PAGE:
Think back to your last date night—chances are it involved candles, aphrodisiacs and a smartphone.
The first time I used my phone at the dinner table in front of my then boyfriend (and now husband) was at our favourite Mumbai restaurant, The Table. I knew the menu and my order well, and so, as he scanned the menu, I attended to the flashing updates on my phone. It took me five minutes to realise that he was staring at me—slightly horrified, a tad annoyed and definitely not amused. “I thought we’re having dinner together,” he said. “We are!” I responded, oblivious to what caused the sudden change in mood. “This table is for two, and I don’t think your phone has earned a spot,” he declared. Until that point I never thought of my phone as the proverbial third wheel. Was I furiously typing something of paramount importance? Far from it; I was probably commenting on a meme or sending emojis to a friend. Reaching for my phone was more habit than need—it’s just something most of us carelessly do when we have a moment to spare.
Even if you’ve been married for years or have never swiped a date on Tinder, chances are your love life is wired today—scheduling your next date on WhatsApp or figuring out time away from the kids via text or FaceTime. Rebecca Solnit in her must-read essay ‘We’re Breaking Up: Noncommunication in the Silicon Age’ wrote about the human relationship with technology and communication: “The fine art of doing nothing in particular, also known as thinking, or musing, or introspection, or simply moments of being, was part of what happened when you walked from here to there, alone, or stared out the train window, or contemplated the road, but the new technologies have flooded those open spaces. Space for free thought is routinely regarded as a void and filled up with sounds and distractions.” And these distractions often come at a price—lack of sleep, offending loved ones, being never entirely present, but mostly, being self-important. Denmark’s gift of hygge to the world could just be what the doctor ordered. This practice best defined as a “quality of cosiness and comfortable conviviality that engenders a feeling of contentment or well-being” essentially involves existing in a comfortable space, savouring the moment and life itself. When was the last time you did that sans technology? In Jochebed Smith’s essay in the New York Times, titled ‘Swearing Off The Modern Man’, she posed a crucial question: “How much time can you be spending together if so much of it is spent taking pictures and writing captions?” A study conducted by Nielsen Informate Mobile Insights shows that smartphone users in India spend an average of 169 minutes a day on their device. Compared to that, in an exploratory study, Dr Sally Andrews, a psychologist at Nottingham Trent University, recorded that most young adults in Britain spend a third of their waking lives on their device. So, I tried measuring my screen habits with a simple experiment: For an hour each day, I noted every minute I reached for my phone/iPad/MacBook instead of just being. I clocked in at 35 minutes out of 60—the result was alarming and I knew it was time to recalibrate.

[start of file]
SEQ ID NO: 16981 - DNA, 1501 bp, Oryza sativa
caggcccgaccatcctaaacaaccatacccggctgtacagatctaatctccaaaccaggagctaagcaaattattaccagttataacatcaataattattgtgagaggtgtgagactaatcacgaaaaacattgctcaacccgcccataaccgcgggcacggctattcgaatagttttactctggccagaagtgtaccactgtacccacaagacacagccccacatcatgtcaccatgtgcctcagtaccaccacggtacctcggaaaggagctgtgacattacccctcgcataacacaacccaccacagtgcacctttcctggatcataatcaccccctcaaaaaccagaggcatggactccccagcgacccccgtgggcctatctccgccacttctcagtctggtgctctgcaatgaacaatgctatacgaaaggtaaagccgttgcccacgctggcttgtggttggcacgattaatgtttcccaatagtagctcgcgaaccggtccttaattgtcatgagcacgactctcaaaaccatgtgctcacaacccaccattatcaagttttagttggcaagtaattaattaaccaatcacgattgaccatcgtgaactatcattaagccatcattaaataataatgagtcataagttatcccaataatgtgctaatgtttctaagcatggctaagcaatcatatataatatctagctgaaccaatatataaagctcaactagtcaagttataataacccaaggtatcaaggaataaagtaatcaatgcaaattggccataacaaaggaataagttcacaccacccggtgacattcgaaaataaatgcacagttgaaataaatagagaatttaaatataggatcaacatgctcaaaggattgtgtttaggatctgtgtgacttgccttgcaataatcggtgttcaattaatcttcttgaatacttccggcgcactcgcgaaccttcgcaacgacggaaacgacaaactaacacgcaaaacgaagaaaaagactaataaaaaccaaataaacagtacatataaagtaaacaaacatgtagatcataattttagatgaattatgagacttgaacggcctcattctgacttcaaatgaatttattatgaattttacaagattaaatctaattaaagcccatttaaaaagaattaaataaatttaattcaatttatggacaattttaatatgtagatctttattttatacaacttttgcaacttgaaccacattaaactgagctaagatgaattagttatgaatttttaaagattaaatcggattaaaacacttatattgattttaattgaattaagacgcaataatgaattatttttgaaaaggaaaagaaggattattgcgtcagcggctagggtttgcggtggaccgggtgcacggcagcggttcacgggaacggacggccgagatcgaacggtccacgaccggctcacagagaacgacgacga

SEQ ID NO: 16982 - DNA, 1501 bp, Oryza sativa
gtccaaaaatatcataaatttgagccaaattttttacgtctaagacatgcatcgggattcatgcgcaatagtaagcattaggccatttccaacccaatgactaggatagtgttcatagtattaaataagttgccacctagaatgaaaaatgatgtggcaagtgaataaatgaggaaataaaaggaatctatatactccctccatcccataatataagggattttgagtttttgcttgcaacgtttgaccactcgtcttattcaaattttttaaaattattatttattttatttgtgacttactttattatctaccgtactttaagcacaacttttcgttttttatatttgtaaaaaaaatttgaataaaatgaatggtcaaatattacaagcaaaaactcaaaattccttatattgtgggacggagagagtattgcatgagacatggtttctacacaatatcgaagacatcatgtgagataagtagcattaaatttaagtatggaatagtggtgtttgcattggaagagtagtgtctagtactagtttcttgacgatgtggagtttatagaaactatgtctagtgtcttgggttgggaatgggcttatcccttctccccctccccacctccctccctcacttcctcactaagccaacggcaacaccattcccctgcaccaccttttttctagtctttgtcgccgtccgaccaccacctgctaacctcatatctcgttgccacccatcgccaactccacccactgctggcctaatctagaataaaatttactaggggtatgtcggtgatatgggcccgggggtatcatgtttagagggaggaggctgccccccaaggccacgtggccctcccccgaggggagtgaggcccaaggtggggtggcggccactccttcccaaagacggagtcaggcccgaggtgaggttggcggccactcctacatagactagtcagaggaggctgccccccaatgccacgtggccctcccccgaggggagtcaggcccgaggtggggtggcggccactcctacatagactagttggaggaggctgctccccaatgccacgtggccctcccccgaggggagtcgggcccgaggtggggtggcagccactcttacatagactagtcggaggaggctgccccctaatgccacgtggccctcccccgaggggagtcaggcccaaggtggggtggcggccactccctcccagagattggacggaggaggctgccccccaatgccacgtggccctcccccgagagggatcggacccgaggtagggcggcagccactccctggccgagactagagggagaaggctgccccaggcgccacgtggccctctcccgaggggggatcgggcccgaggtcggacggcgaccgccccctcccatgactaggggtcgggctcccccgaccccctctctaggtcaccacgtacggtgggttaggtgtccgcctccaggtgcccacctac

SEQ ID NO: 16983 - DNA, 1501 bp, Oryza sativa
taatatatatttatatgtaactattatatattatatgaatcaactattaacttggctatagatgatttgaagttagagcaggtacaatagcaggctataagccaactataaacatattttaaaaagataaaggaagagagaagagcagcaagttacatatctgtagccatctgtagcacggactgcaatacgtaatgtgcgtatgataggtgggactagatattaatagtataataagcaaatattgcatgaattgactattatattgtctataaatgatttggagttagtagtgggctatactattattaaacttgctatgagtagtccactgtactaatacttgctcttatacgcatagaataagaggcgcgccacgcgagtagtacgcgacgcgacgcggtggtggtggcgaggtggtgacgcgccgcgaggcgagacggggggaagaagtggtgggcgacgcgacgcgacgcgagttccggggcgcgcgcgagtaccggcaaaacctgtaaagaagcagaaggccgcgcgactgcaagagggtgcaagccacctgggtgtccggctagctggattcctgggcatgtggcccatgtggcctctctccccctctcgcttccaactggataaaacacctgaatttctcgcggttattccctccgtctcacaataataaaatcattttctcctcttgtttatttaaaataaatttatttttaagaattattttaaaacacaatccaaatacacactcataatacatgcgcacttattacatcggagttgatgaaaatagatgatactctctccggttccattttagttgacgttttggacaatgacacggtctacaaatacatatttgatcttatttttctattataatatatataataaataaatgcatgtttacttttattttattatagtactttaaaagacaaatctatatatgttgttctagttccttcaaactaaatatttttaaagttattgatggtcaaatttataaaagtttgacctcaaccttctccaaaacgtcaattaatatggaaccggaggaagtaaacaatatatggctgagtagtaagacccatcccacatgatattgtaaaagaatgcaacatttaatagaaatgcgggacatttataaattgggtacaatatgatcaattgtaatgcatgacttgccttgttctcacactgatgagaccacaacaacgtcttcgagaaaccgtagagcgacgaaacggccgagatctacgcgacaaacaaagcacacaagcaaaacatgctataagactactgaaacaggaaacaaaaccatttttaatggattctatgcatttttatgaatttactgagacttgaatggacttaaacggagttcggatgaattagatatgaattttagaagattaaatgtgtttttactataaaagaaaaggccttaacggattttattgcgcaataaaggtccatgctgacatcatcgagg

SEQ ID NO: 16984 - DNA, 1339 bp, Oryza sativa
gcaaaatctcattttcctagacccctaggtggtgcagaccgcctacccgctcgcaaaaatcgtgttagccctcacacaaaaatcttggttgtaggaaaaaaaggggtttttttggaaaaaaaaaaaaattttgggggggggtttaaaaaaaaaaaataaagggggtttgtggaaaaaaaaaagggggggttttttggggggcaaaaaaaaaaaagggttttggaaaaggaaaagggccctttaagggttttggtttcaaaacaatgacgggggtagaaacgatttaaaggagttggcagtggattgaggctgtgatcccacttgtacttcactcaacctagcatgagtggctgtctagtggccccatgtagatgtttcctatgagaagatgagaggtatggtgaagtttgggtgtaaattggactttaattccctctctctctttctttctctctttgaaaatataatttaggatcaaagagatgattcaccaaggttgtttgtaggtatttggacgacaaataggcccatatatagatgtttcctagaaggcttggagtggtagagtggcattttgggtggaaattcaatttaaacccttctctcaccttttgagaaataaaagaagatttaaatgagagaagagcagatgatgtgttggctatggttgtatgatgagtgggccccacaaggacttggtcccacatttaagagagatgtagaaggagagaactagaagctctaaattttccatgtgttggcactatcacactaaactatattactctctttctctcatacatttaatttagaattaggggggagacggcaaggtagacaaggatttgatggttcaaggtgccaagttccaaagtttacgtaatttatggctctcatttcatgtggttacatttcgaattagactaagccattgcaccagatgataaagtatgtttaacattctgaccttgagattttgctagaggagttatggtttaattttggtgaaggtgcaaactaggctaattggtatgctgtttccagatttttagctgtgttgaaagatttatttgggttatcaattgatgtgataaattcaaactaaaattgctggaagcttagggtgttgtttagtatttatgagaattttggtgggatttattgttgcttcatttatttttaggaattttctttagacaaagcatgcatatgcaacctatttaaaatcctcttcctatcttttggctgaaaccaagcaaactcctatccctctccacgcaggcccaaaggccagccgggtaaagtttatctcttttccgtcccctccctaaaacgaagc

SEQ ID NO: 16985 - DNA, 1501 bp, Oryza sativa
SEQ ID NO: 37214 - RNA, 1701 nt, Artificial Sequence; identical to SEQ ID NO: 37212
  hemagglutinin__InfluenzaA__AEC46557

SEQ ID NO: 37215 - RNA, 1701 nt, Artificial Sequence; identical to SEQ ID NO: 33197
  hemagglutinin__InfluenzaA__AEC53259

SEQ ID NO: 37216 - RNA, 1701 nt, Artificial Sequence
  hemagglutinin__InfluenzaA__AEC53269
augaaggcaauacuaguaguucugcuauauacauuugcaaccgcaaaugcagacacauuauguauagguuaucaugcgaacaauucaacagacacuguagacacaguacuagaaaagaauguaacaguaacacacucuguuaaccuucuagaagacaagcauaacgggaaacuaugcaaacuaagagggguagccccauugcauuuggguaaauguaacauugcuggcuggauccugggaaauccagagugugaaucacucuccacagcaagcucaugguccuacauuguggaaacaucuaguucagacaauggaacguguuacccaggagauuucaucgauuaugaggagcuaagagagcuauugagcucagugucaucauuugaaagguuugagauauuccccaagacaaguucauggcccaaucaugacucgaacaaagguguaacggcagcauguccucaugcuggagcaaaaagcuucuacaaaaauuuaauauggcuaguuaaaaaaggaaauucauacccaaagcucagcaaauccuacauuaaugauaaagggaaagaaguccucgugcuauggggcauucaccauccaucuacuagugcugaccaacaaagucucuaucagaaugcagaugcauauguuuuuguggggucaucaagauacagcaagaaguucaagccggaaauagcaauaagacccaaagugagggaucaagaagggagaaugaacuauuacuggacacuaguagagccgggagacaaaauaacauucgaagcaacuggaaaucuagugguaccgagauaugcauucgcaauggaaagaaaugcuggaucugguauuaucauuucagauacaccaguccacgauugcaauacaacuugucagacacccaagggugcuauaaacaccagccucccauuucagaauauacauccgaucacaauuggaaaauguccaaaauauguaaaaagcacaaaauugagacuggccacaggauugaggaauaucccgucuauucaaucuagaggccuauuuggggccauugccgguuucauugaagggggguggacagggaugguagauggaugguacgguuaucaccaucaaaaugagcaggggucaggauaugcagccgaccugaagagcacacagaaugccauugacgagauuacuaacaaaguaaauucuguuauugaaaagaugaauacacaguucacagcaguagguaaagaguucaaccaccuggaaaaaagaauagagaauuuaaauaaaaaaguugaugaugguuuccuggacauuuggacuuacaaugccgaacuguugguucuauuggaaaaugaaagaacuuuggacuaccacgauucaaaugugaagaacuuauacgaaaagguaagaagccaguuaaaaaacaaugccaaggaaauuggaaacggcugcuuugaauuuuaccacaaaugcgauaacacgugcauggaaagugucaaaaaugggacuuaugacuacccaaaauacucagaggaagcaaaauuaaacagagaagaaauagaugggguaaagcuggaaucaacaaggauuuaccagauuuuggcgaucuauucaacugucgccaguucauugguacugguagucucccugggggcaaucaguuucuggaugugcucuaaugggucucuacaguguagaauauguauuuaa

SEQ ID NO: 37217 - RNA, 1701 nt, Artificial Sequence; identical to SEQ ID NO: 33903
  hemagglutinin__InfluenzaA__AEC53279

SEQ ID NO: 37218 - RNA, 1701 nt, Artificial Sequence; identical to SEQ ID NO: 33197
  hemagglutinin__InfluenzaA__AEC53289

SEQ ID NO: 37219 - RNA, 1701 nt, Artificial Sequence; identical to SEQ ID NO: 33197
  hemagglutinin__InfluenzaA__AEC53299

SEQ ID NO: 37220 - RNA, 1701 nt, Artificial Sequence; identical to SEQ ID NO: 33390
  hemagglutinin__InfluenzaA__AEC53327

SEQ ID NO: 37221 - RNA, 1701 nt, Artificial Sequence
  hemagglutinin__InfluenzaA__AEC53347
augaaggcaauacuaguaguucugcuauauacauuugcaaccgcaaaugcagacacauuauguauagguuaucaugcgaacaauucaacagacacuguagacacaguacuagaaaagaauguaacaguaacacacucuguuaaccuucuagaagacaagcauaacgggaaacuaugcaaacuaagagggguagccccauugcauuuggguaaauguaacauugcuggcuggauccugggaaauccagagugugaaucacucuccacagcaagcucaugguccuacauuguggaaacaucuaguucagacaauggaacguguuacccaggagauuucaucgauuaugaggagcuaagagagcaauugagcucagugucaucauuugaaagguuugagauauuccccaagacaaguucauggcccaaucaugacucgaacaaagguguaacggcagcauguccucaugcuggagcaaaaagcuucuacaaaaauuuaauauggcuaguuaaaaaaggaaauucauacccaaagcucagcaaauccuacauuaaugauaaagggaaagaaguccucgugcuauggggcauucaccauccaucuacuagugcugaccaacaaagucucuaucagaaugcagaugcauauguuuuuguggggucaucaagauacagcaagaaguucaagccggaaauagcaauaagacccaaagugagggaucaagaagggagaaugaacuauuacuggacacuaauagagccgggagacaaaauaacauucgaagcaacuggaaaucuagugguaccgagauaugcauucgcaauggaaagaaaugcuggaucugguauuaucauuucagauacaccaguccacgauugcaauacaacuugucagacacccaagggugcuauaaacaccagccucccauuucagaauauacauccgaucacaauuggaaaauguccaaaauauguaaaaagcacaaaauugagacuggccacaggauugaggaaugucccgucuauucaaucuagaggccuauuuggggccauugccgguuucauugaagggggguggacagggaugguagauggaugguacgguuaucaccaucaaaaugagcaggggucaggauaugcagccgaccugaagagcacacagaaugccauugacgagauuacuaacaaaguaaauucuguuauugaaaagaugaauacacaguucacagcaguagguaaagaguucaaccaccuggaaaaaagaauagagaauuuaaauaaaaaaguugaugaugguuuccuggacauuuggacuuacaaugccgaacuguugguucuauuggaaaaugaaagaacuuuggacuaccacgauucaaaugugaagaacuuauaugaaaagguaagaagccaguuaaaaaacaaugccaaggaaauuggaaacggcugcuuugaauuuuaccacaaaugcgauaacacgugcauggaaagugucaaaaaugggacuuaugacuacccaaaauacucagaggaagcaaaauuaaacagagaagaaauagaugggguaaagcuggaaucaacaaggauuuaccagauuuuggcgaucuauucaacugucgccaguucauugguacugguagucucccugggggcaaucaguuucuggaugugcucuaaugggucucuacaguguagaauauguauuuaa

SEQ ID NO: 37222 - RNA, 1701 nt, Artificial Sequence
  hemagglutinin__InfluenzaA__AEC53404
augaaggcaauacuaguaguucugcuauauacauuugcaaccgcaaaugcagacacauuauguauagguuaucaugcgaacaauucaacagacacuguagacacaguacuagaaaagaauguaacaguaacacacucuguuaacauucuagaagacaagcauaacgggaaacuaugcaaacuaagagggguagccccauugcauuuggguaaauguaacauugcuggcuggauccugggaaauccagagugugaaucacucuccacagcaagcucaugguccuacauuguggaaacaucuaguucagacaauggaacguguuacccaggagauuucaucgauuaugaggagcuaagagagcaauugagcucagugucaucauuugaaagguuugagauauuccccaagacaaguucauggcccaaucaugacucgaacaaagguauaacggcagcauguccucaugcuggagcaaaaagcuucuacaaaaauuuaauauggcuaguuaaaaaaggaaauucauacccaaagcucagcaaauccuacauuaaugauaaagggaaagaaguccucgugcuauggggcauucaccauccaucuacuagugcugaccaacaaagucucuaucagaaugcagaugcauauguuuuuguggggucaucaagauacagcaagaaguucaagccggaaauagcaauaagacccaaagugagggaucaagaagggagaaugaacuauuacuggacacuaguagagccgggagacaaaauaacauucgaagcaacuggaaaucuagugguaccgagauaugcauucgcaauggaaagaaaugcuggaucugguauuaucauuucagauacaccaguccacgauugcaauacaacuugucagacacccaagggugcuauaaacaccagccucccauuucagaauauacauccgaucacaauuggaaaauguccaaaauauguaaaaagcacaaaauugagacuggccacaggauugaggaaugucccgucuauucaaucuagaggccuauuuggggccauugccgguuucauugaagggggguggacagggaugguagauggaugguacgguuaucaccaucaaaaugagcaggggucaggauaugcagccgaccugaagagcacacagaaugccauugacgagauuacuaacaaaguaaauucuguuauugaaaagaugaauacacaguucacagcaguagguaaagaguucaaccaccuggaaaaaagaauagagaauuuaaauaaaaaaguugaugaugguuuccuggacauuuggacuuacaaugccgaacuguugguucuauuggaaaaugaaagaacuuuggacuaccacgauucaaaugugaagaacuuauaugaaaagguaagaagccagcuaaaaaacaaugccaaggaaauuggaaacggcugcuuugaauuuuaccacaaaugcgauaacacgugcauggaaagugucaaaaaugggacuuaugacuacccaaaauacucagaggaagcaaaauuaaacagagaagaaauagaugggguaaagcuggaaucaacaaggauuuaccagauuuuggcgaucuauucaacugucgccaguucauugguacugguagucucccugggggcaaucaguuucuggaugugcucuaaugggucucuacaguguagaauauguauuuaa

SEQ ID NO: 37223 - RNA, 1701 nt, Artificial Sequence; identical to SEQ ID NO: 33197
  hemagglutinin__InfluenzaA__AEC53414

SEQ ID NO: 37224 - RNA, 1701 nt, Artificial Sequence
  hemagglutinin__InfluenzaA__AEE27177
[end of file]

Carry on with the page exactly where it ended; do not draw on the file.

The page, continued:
Today, when you date someone, you’re not just dating each other but signing up for a polyamorous relationship that emerges with your respective Instagram, Snapchat, Facebook, Twitter, Tumblr and whatever the next billion-plus-dollar social media app-of-the-moment is. Communication has changed—an actual phone call translates to “something urgent” because texting is the norm. With constant access to email, correspondence has become more frequent and less meaningful. The epistolary romance might be a thing of the past but I recommend bringing it back in a newer form. My tech-savvy grandmother (she taught me how to use Pinterest!) always sends messages in letter format. This would be bizarre for everyday texting, but every now and again there’s something truly touching about replacing the banality of a block of text in a blue bubble with a well-composed letter. So sit down and write a text or email (that begins with “Dear Xyz”) and say something meaningful. A few months of living with my husband, and I’m far less dependent on my phone. After all, I’ve married a man who has almost no social media presence (apart from casual flirtations with Facebook, once or twice a year).
We are, however, both humans in the 21st century and there are times when we’re on our phones at breakfast—usually, I’m browsing through Twitter and he’s responding to emails. But I do believe it’s important to carve out tech-free time and zones. Evenings are our designated tech-free time (my husband convinced me that not remembering a word or date wasn’t reason enough to Google it during dinner). In her book Thrive, Arianna Huffington talks about how she has banned electronics from the bedroom. Our bedroom, too, is a sacred space. At home, our devices charge beyond a hand’s distance away, we use a physical clock and there’s a landline for emergencies. Etiquette needs to be updated in the age of smart everything—refraining from using a phone at dinner is far more important than keeping your elbows off the table, and your new indoor voice includes turning your ringer off. It’s simple reasoning—why should the ones we’re with play second fiddle to our smart screens? It’s difficult, but learning to say no to technology has made me more aware of my partner and our life together.
This post originally appeared on Vogue India.